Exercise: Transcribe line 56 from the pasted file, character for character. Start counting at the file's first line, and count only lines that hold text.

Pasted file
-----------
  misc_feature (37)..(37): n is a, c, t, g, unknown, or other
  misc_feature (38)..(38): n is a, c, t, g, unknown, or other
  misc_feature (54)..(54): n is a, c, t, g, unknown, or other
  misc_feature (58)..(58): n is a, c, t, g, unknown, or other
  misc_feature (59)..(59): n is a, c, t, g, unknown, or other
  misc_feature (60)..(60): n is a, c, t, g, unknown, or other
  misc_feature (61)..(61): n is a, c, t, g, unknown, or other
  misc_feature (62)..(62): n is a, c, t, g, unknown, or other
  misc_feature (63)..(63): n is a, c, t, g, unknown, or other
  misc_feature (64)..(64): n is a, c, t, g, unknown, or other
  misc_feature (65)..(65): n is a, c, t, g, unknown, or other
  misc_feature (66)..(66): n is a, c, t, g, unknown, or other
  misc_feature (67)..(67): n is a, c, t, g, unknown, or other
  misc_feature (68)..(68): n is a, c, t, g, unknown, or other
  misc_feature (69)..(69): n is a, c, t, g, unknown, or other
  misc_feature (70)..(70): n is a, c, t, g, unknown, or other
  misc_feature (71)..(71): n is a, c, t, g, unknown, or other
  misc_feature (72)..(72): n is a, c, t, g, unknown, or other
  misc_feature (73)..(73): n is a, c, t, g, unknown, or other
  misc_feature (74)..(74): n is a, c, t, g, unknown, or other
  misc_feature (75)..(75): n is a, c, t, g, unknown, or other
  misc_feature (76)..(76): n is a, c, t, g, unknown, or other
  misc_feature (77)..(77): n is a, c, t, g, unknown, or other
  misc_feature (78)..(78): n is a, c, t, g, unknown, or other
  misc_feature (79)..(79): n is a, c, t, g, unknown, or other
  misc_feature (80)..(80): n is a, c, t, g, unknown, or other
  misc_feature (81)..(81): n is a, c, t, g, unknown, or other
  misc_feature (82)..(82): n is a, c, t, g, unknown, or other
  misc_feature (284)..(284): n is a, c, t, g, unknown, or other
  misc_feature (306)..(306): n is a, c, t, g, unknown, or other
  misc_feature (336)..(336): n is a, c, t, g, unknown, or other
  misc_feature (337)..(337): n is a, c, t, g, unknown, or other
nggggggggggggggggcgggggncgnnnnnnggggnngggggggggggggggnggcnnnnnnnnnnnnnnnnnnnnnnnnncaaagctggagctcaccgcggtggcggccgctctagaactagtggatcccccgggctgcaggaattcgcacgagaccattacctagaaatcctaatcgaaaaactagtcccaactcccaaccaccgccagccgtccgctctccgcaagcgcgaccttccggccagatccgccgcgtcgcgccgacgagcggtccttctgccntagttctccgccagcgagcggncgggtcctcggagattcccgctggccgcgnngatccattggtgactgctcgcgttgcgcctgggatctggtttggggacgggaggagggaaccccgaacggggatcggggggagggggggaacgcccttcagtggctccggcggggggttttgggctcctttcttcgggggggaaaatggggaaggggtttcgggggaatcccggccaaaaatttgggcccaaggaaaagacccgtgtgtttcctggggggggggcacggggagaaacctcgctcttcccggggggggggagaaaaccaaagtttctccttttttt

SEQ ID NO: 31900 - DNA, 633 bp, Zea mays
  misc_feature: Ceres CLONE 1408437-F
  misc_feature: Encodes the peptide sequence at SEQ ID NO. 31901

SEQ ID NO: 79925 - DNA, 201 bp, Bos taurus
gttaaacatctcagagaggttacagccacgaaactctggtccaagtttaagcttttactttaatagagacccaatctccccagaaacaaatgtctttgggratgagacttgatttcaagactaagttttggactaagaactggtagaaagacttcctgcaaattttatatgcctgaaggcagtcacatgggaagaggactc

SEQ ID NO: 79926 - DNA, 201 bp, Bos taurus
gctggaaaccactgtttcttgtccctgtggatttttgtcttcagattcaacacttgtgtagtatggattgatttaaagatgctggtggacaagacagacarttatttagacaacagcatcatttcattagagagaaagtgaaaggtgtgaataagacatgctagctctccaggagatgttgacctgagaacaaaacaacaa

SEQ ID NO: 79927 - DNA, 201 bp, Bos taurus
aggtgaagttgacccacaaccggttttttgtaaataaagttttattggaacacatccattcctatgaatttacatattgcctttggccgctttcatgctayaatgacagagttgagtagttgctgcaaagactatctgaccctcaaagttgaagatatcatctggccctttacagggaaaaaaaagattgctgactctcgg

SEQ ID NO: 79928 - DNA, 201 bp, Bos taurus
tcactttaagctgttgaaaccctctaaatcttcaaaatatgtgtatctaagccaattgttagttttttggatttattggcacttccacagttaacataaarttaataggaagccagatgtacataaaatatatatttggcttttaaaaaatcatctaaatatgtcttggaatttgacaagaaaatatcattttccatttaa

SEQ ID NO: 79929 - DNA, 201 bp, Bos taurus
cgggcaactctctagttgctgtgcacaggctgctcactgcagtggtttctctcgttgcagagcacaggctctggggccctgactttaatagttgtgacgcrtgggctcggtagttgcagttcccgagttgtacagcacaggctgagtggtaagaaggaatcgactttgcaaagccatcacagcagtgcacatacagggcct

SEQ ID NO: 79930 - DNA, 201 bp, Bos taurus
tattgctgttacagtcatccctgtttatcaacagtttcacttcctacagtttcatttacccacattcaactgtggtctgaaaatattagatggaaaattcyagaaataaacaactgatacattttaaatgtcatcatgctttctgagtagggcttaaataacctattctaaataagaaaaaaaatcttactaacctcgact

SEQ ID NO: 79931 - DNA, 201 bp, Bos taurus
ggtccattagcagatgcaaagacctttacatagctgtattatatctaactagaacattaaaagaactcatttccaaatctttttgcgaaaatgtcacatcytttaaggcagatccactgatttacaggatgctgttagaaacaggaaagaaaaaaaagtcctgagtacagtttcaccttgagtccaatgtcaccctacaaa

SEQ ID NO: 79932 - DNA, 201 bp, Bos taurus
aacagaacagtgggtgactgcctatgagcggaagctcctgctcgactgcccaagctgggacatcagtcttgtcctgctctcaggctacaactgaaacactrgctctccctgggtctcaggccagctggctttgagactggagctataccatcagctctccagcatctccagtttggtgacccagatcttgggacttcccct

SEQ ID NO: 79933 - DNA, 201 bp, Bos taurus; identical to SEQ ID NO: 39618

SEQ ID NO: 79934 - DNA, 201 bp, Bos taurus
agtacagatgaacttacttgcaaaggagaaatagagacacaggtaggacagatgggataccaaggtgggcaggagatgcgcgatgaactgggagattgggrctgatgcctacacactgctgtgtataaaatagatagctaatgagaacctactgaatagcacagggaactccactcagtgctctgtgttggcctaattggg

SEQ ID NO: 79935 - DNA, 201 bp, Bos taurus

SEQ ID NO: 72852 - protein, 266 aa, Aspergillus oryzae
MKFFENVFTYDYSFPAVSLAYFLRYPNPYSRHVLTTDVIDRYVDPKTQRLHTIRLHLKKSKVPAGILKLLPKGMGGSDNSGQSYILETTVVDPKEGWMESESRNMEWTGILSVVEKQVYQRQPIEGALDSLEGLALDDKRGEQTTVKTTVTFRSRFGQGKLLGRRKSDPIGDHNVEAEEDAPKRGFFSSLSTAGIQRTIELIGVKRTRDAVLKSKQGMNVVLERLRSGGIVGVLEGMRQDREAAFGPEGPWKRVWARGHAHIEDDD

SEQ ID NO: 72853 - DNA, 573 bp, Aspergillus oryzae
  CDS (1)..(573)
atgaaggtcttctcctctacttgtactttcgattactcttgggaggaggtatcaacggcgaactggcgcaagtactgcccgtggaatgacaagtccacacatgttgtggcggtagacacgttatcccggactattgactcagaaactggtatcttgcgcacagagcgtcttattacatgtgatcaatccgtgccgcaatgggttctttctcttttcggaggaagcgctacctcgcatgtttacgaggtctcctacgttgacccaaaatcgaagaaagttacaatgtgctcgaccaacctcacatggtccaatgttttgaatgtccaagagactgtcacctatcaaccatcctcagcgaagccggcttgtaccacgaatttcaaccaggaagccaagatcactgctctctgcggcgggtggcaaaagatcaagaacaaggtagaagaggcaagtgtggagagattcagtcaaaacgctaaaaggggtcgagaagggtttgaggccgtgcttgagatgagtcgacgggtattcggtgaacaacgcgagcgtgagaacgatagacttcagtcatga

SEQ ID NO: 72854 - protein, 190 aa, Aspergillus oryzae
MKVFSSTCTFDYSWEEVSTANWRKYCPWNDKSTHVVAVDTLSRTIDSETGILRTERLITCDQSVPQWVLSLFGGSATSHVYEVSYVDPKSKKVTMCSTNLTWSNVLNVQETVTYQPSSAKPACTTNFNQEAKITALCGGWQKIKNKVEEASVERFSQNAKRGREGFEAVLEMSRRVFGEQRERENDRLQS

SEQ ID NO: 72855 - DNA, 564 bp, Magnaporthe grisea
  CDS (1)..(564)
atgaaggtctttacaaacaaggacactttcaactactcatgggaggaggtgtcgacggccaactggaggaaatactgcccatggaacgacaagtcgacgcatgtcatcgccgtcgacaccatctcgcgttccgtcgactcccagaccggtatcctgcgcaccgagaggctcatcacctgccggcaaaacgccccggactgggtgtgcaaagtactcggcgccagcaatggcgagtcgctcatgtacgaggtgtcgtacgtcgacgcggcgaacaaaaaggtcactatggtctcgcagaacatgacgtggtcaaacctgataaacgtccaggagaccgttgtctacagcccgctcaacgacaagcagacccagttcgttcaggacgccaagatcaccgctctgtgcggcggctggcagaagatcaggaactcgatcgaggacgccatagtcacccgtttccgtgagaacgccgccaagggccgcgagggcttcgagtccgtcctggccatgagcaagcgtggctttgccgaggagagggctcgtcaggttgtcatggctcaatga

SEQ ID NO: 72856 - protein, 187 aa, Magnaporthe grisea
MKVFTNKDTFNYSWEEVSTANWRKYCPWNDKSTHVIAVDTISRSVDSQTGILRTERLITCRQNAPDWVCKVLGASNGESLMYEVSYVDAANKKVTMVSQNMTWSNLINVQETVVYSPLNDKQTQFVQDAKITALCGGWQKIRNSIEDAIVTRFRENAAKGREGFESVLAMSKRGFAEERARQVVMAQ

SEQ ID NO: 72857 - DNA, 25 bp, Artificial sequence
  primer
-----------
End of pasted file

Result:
SEQ ID NO: 79935 - DNA, 201 bp, Bos taurus